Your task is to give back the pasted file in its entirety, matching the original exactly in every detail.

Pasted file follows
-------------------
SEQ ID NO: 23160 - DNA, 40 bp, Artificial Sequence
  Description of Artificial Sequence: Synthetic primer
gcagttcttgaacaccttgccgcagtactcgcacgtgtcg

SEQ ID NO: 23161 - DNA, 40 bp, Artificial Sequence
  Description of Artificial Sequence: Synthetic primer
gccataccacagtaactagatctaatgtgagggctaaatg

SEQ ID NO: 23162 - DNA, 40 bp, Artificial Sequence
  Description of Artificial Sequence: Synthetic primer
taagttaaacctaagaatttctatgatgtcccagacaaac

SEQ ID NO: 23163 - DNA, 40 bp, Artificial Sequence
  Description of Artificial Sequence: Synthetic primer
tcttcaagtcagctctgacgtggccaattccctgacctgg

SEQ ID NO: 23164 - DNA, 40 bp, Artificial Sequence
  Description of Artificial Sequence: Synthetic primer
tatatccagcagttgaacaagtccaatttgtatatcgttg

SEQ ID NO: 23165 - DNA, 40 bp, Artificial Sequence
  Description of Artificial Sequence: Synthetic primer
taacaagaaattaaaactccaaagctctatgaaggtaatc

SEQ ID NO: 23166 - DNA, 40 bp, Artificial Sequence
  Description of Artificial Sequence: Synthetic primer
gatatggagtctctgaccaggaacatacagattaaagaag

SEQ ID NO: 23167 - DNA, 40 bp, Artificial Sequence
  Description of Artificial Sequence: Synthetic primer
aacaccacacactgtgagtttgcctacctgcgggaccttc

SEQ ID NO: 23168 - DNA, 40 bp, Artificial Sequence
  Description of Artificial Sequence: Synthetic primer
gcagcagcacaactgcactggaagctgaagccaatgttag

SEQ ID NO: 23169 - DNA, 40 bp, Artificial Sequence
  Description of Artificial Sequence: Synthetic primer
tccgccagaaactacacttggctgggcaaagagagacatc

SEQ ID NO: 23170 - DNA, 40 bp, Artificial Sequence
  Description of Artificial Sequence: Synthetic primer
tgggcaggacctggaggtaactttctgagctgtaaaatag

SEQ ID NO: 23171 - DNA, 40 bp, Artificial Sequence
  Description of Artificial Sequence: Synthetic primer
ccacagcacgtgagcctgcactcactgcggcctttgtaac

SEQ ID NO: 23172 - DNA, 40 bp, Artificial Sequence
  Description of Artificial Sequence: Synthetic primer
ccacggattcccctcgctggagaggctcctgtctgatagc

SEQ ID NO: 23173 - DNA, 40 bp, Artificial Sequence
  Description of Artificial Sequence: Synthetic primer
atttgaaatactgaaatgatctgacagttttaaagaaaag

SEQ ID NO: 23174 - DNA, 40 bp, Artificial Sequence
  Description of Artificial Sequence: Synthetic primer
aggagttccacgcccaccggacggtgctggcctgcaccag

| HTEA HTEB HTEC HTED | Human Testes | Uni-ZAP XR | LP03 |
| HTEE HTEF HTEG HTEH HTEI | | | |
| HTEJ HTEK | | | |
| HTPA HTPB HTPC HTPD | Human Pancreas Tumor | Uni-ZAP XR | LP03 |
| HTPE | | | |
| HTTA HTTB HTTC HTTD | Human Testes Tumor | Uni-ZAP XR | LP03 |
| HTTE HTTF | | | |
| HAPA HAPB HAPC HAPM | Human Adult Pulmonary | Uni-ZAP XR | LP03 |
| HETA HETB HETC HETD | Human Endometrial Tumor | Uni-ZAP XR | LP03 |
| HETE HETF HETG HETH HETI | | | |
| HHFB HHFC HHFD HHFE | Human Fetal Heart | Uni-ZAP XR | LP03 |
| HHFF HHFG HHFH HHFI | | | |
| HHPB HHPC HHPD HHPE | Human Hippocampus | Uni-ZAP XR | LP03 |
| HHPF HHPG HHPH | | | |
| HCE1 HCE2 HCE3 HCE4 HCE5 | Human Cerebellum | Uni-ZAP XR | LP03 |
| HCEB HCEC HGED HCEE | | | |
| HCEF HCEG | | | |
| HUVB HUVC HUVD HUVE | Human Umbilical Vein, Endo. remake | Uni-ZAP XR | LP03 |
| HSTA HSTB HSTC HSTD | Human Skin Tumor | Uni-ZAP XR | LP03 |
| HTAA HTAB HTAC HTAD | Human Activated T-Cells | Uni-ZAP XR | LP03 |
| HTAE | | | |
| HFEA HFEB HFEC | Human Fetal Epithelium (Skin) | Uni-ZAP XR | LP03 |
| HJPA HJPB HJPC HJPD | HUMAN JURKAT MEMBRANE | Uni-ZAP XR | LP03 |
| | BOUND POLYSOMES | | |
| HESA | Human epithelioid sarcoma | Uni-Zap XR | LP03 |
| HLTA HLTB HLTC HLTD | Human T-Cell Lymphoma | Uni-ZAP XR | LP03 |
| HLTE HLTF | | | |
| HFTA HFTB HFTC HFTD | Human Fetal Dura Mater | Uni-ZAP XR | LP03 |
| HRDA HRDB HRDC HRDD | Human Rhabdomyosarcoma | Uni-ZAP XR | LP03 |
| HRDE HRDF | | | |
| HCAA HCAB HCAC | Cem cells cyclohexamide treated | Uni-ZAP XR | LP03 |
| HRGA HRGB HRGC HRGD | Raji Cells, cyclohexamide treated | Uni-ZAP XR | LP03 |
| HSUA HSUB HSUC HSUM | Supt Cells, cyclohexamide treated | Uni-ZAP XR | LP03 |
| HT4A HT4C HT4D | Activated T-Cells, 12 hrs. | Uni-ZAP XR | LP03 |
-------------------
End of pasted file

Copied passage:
SEQ ID NO: 23160 - DNA, 40 bp, Artificial Sequence
  Description of Artificial Sequence: Synthetic primer
gcagttcttgaacaccttgccgcagtactcgcacgtgtcg

SEQ ID NO: 23161 - DNA, 40 bp, Artificial Sequence
  Description of Artificial Sequence: Synthetic primer
gccataccacagtaactagatctaatgtgagggctaaatg

SEQ ID NO: 23162 - DNA, 40 bp, Artificial Sequence
  Description of Artificial Sequence: Synthetic primer
taagttaaacctaagaatttctatgatgtcccagacaaac

SEQ ID NO: 23163 - DNA, 40 bp, Artificial Sequence
  Description of Artificial Sequence: Synthetic primer
tcttcaagtcagctctgacgtggccaattccctgacctgg

SEQ ID NO: 23164 - DNA, 40 bp, Artificial Sequence
  Description of Artificial Sequence: Synthetic primer
tatatccagcagttgaacaagtccaatttgtatatcgttg

SEQ ID NO: 23165 - DNA, 40 bp, Artificial Sequence
  Description of Artificial Sequence: Synthetic primer
taacaagaaattaaaactccaaagctctatgaaggtaatc

SEQ ID NO: 23166 - DNA, 40 bp, Artificial Sequence
  Description of Artificial Sequence: Synthetic primer
gatatggagtctctgaccaggaacatacagattaaagaag

SEQ ID NO: 23167 - DNA, 40 bp, Artificial Sequence
  Description of Artificial Sequence: Synthetic primer
aacaccacacactgtgagtttgcctacctgcgggaccttc

SEQ ID NO: 23168 - DNA, 40 bp, Artificial Sequence
  Description of Artificial Sequence: Synthetic primer
gcagcagcacaactgcactggaagctgaagccaatgttag

SEQ ID NO: 23169 - DNA, 40 bp, Artificial Sequence
  Description of Artificial Sequence: Synthetic primer
tccgccagaaactacacttggctgggcaaagagagacatc

SEQ ID NO: 23170 - DNA, 40 bp, Artificial Sequence
  Description of Artificial Sequence: Synthetic primer
tgggcaggacctggaggtaactttctgagctgtaaaatag

SEQ ID NO: 23171 - DNA, 40 bp, Artificial Sequence
  Description of Artificial Sequence: Synthetic primer
ccacagcacgtgagcctgcactcactgcggcctttgtaac

SEQ ID NO: 23172 - DNA, 40 bp, Artificial Sequence
  Description of Artificial Sequence: Synthetic primer
ccacggattcccctcgctggagaggctcctgtctgatagc

SEQ ID NO: 23173 - DNA, 40 bp, Artificial Sequence
  Description of Artificial Sequence: Synthetic primer
atttgaaatactgaaatgatctgacagttttaaagaaaag

SEQ ID NO: 23174 - DNA, 40 bp, Artificial Sequence
  Description of Artificial Sequence: Synthetic primer
aggagttccacgcccaccggacggtgctggcctgcaccag

| HTEA HTEB HTEC HTED | Human Testes | Uni-ZAP XR | LP03 |
| HTEE HTEF HTEG HTEH HTEI | | | |
| HTEJ HTEK | | | |
| HTPA HTPB HTPC HTPD | Human Pancreas Tumor | Uni-ZAP XR | LP03 |
| HTPE | | | |
| HTTA HTTB HTTC HTTD | Human Testes Tumor | Uni-ZAP XR | LP03 |
| HTTE HTTF | | | |
| HAPA HAPB HAPC HAPM | Human Adult Pulmonary | Uni-ZAP XR | LP03 |
| HETA HETB HETC HETD | Human Endometrial Tumor | Uni-ZAP XR | LP03 |
| HETE HETF HETG HETH HETI | | | |
| HHFB HHFC HHFD HHFE | Human Fetal Heart | Uni-ZAP XR | LP03 |
| HHFF HHFG HHFH HHFI | | | |
| HHPB HHPC HHPD HHPE | Human Hippocampus | Uni-ZAP XR | LP03 |
| HHPF HHPG HHPH | | | |
| HCE1 HCE2 HCE3 HCE4 HCE5 | Human Cerebellum | Uni-ZAP XR | LP03 |
| HCEB HCEC HGED HCEE | | | |
| HCEF HCEG | | | |
| HUVB HUVC HUVD HUVE | Human Umbilical Vein, Endo. remake | Uni-ZAP XR | LP03 |
| HSTA HSTB HSTC HSTD | Human Skin Tumor | Uni-ZAP XR | LP03 |
| HTAA HTAB HTAC HTAD | Human Activated T-Cells | Uni-ZAP XR | LP03 |
| HTAE | | | |
| HFEA HFEB HFEC | Human Fetal Epithelium (Skin) | Uni-ZAP XR | LP03 |
| HJPA HJPB HJPC HJPD | HUMAN JURKAT MEMBRANE | Uni-ZAP XR | LP03 |
| | BOUND POLYSOMES | | |
| HESA | Human epithelioid sarcoma | Uni-Zap XR | LP03 |
| HLTA HLTB HLTC HLTD | Human T-Cell Lymphoma | Uni-ZAP XR | LP03 |
| HLTE HLTF | | | |
| HFTA HFTB HFTC HFTD | Human Fetal Dura Mater | Uni-ZAP XR | LP03 |
| HRDA HRDB HRDC HRDD | Human Rhabdomyosarcoma | Uni-ZAP XR | LP03 |
| HRDE HRDF | | | |
| HCAA HCAB HCAC | Cem cells cyclohexamide treated | Uni-ZAP XR | LP03 |
| HRGA HRGB HRGC HRGD | Raji Cells, cyclohexamide treated | Uni-ZAP XR | LP03 |
| HSUA HSUB HSUC HSUM | Supt Cells, cyclohexamide treated | Uni-ZAP XR | LP03 |
| HT4A HT4C HT4D | Activated T-Cells, 12 hrs. | Uni-ZAP XR | LP03 |